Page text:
Androids, Cyborgs, and The Human of Our Dreams

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Brought to you by Hopkins at Home

Fridays, 11:30 AM - 12:30 PM EDT

Each week will consist of a short lecture followed by class discussion. All readings will be shared via email the week before class sessions begin. Although all the readings are fairly quick reads and page-turners, this is a reading intensive course. Writing a fictional narrative is suggested but not required. The last week of class (week 6) will be an open discussion for students to share their own written fictional narratives and/or ideas for the future of humanity.


Course Description

Looking for some inspiration to get your summer reading done during the dog days of summer? Search no more. In this mini-course at the intersection of world literature, the history of robotics, and cognitive science, we will explore the changing face of the humanoid robot and its societal consequences through selections of fictional narratives (the short story, novel, and theatrical play) from the eighteen hundreds to today. Merging empirical fact with creative fiction, you will also get a chance to unleash your imagination and write and/or share ideas of your very own short story, one-act theatrical play, or poetry.

Session 1Friday, July 31, 11:30 AM - 12:30 PM EDT

A Quick Timeline of Our Love Affair with Machines

Session 2Friday, August 7, 11:30 AM - 12:30 PM EDT

The Dawn of Science Fiction

Readings: E.T.A. Hoffman’s “The Sandman” and selections from Mary Shelley’s “Frankenstein; or, The Modern Prometheus”

Session 3Friday, August 14, 11:30 AM - 12:30 PM EDT

Machines Rule

Readings: E.M. Forster’s “The Machine Stops” and Karel Čapek’s “R.U.R.”

Session 4Friday, August 21, 11:30 AM - 12:30 PM EDT

Do We Live in A Simulation?

Readings: Frederik Pohl’s “The Tunnel Under the World” and selections from Kōbō Abe’s “Inter Ice Age 4”

Session 5Friday, August 28, 11:30 AM - 12:30 PM EDT

Mechanical Clones vs. Prisoners of Tech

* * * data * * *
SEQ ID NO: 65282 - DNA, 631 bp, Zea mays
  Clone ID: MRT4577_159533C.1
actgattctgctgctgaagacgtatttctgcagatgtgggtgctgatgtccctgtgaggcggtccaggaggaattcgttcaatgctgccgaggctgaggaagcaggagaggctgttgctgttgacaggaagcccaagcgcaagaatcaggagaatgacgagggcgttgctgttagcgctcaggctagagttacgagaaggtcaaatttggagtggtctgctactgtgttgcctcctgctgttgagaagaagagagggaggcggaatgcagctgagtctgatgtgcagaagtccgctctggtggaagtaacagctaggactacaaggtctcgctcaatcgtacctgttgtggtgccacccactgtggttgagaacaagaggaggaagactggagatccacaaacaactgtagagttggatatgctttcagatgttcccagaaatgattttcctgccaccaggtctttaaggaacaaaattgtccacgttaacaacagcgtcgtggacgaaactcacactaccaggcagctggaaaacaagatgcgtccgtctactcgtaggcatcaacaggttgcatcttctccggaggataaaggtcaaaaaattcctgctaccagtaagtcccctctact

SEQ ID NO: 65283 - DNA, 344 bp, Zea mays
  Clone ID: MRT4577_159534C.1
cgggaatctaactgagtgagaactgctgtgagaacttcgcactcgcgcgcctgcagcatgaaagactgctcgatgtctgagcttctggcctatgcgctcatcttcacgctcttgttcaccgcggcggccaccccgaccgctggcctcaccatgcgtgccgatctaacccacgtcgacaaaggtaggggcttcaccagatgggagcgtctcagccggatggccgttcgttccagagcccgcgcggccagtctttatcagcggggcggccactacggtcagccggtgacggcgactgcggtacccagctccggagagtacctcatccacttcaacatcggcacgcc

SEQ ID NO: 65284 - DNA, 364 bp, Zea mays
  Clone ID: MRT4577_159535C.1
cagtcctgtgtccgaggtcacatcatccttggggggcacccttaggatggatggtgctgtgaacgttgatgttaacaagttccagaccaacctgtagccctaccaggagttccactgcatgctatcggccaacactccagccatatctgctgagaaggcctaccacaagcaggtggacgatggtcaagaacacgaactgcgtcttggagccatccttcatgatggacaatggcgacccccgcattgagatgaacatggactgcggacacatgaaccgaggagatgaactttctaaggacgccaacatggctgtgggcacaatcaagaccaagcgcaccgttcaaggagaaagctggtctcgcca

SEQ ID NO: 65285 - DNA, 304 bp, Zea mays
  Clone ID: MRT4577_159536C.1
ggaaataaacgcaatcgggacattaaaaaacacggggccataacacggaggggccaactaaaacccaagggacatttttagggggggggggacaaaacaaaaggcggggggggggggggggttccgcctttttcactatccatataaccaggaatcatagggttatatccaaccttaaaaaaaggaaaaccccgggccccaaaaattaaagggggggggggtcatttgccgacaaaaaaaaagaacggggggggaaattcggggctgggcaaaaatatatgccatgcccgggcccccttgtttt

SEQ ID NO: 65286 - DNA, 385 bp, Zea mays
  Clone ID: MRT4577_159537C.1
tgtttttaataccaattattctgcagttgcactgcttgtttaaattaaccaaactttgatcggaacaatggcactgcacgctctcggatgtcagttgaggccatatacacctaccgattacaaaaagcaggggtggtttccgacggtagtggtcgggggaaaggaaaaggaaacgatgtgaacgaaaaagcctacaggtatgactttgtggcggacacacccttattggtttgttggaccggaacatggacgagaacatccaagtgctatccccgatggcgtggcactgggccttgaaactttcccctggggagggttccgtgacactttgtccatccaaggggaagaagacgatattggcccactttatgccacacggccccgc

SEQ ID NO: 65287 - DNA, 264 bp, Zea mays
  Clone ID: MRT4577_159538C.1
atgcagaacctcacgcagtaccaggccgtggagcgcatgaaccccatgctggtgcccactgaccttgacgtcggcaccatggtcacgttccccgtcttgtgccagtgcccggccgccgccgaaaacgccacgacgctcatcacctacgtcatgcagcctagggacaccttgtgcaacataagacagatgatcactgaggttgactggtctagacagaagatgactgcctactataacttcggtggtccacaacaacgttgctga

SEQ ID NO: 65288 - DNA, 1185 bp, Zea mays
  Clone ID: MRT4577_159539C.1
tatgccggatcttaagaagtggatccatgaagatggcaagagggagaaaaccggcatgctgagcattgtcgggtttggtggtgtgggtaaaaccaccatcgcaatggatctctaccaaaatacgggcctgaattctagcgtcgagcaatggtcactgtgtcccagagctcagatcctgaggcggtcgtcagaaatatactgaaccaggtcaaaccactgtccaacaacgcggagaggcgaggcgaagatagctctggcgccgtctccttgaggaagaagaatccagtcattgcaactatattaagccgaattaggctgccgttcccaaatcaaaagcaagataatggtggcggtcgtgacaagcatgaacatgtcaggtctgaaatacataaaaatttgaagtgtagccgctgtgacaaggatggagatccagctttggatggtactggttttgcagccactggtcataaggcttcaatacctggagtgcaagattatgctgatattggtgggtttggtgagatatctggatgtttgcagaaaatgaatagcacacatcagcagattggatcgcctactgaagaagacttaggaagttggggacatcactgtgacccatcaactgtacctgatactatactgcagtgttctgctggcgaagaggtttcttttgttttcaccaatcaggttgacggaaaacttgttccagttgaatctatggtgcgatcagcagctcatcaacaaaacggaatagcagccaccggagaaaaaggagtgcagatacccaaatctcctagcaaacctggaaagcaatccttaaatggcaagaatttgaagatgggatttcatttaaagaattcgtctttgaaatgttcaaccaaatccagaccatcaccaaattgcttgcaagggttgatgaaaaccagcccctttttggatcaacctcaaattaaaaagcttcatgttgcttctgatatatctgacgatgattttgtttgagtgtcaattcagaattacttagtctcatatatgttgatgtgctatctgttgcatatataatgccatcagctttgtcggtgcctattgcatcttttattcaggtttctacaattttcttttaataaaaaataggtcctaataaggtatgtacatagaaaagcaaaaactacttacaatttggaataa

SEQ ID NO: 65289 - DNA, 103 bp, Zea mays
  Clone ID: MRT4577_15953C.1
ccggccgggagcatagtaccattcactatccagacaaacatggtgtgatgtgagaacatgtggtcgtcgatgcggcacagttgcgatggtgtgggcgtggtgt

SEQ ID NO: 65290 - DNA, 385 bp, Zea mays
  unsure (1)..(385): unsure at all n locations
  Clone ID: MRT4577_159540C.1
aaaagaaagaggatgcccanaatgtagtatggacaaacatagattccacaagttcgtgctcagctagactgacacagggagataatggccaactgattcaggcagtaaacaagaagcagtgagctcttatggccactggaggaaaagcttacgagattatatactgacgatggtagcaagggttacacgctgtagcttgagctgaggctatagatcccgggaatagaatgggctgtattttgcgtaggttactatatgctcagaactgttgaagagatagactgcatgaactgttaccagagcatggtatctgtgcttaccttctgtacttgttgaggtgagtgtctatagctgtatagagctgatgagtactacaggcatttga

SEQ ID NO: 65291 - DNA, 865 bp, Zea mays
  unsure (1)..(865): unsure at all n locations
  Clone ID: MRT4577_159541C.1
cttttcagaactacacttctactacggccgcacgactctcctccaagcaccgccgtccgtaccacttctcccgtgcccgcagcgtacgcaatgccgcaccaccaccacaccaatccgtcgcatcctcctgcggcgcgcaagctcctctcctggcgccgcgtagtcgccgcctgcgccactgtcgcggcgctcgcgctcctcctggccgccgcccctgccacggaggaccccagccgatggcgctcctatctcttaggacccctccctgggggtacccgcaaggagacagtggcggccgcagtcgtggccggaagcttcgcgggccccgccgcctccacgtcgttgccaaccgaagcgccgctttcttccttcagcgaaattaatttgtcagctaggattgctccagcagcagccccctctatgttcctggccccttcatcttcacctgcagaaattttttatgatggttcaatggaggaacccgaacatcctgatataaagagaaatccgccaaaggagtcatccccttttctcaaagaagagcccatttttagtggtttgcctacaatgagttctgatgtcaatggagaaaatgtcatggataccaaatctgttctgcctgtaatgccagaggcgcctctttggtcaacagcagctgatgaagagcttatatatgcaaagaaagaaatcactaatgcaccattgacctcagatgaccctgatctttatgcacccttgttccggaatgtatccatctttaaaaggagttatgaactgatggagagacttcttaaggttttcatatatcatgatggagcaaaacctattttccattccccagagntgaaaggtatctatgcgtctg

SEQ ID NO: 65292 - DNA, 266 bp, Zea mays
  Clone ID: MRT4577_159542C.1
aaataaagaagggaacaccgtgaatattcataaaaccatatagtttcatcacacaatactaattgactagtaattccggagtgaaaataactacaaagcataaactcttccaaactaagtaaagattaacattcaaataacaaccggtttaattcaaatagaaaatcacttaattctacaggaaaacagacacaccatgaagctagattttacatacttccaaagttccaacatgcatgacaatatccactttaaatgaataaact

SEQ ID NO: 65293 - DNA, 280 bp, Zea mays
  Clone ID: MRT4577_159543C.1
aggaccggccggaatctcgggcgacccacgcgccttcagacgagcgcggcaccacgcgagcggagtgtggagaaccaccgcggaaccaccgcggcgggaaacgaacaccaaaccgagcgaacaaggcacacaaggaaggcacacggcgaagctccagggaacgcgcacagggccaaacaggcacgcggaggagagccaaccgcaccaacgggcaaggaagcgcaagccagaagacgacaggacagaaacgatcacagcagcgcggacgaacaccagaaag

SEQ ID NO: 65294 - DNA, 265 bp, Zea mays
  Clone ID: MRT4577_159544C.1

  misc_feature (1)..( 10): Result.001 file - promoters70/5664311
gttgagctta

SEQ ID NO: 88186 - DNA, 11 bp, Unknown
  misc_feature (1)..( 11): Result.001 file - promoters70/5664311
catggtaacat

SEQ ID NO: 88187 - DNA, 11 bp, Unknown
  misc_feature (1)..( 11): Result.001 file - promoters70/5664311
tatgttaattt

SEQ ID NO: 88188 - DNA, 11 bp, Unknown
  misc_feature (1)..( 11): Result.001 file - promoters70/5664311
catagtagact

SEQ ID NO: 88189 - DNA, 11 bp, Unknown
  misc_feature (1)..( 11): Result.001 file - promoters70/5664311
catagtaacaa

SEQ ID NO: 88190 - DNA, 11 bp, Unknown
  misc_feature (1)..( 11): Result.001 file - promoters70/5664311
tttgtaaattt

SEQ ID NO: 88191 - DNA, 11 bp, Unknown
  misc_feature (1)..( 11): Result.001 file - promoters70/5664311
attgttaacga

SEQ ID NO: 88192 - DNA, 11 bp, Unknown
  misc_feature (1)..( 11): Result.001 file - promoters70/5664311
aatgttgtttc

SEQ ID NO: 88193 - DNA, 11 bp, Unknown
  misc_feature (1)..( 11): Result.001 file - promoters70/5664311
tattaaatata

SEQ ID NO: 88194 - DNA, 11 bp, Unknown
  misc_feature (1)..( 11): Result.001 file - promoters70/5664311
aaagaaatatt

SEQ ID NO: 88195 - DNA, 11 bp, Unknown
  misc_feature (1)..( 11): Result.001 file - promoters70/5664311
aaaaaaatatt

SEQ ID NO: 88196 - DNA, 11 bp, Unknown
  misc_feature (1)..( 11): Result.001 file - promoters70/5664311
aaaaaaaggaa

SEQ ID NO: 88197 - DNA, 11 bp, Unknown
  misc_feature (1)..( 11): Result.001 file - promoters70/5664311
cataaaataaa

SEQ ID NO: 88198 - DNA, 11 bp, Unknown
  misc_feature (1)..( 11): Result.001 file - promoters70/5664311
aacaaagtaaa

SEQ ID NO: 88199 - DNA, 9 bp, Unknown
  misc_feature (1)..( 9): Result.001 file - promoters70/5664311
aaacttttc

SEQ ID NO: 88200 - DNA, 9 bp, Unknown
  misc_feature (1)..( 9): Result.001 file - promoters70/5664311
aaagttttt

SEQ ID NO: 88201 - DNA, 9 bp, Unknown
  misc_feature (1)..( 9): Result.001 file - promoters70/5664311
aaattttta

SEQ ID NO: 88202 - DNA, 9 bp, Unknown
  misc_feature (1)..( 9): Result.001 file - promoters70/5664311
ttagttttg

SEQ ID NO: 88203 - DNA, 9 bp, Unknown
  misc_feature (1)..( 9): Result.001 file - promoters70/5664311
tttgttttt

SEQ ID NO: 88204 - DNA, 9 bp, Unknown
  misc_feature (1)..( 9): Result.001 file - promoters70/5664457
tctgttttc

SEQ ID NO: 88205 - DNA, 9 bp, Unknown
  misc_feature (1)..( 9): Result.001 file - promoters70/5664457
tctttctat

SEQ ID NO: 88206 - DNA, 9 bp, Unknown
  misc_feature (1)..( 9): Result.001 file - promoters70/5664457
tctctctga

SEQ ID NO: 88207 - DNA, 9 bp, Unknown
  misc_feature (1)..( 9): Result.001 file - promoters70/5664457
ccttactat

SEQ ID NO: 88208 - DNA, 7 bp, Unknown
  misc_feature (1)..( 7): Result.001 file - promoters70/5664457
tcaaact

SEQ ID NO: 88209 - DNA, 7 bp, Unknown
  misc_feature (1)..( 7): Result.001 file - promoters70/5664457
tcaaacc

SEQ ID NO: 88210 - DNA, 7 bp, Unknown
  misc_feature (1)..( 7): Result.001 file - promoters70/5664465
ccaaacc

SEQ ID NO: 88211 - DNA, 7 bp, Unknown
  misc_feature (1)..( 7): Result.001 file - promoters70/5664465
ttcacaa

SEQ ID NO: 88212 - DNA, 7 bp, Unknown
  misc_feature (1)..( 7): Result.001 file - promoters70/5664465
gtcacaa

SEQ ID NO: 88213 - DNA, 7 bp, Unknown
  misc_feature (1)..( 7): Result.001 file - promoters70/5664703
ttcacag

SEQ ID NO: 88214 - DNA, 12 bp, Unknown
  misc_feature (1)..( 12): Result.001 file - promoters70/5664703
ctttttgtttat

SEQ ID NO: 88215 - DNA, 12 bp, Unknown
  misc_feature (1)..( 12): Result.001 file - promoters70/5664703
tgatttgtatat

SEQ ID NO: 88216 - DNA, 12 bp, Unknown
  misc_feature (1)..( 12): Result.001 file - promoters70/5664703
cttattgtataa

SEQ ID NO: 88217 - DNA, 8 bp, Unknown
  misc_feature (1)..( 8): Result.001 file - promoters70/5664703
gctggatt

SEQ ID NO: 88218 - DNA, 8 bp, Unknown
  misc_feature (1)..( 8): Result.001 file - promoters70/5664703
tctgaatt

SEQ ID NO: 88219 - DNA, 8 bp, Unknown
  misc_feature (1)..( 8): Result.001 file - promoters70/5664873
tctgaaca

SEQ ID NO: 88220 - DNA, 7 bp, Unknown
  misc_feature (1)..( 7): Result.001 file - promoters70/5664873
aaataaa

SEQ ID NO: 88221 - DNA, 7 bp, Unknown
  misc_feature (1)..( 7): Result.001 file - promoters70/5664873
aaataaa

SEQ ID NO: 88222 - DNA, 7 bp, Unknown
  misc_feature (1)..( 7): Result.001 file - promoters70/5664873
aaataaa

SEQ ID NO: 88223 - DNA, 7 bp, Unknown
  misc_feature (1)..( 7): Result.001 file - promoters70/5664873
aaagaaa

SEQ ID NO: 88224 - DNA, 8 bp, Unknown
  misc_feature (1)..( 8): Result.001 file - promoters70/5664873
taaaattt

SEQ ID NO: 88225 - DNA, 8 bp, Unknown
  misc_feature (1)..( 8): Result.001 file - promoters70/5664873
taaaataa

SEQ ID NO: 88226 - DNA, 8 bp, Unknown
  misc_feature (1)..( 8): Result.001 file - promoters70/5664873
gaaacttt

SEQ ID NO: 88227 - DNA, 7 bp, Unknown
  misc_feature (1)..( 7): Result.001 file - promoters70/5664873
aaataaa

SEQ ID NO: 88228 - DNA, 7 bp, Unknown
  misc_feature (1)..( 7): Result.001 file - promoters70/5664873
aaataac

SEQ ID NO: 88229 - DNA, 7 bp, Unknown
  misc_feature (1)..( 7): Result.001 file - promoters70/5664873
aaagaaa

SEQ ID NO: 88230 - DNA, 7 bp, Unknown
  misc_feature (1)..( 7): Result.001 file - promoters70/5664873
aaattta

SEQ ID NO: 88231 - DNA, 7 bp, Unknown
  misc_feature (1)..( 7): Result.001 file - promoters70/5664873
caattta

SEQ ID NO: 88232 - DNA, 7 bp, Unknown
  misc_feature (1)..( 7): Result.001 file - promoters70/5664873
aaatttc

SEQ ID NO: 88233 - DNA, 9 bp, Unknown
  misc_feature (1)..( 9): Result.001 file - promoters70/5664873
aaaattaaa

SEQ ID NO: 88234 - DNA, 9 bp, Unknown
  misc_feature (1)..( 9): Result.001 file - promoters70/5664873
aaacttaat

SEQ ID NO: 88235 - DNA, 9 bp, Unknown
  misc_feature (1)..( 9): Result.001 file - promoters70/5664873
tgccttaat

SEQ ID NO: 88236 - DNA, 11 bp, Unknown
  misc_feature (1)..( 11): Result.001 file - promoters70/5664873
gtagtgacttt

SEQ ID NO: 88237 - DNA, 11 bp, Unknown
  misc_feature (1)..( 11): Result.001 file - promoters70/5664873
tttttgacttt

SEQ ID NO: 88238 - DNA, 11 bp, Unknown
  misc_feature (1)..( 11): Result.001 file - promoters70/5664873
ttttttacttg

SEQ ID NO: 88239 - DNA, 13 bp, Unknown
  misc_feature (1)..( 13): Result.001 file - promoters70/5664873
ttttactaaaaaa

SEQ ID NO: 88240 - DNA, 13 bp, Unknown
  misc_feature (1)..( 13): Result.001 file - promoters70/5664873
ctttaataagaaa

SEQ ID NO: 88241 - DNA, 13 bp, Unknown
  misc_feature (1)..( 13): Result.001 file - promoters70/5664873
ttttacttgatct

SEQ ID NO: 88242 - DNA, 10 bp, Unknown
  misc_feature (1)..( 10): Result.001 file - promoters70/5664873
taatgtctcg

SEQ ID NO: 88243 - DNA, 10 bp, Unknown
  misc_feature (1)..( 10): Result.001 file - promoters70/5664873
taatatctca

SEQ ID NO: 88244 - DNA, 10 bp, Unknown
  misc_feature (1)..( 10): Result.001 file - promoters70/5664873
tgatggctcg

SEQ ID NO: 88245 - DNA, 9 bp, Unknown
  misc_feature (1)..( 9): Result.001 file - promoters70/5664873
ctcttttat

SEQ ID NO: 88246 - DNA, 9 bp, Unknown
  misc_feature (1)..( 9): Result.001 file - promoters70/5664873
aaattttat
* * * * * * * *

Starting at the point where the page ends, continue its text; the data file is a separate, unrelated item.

Readings: Ray Bradbury’s “Marionettes, Inc.” and Pepe Rojo’s “Grey Noise”

Session 6Friday, September 4, 11:30 AM - 12:30 PM EDT

In Your Own Voice

ABOUT Dr. Monica Lopez-Gonzalez
Senior Lecturer, Krieger School of Arts & Sciences

Dr. Lopez-Gonzalez’s research interests lie at the nexus of human creativity and general intelligence, artificial intelligence, and society. For Dr. Lopez-Gonzalez (A&S '05, '07, '10), building an interactive human-centric relationship with technology is critical for an ethical and sustainable future with autonomous, intelligent systems. The core of her work lies in mapping out the cognitive behavioral and neural correlates of how humans seamlessly adapt to multisensory, multi-agent environments. Using an interdisciplinary approach that merges questions, theory, methods, data, and experiences from both the Brain and Cognitive Sciences and the Arts, Dr. Lopez-Gonzalez is identifying the fundamental and nuanced roles of emotion, knowledge, and cognitive plasticity within real-time improvisatory and collaborative problem solving, decision-making, and action behaviors. Her work focuses on four applied domains: human-like automation (e.g. robotics), interdisciplinary Science-Art education (e.g. medical humanities), patient-centric digital app engagement in healthcare (e.g. brain disorders), and end user information technology education (e.g. data privacy and safety).

 Event Date
Friday, July 31, 2020
11:30am EDT

Friday, September 4, 2020
12:30pm EDT

Hopkins at Home

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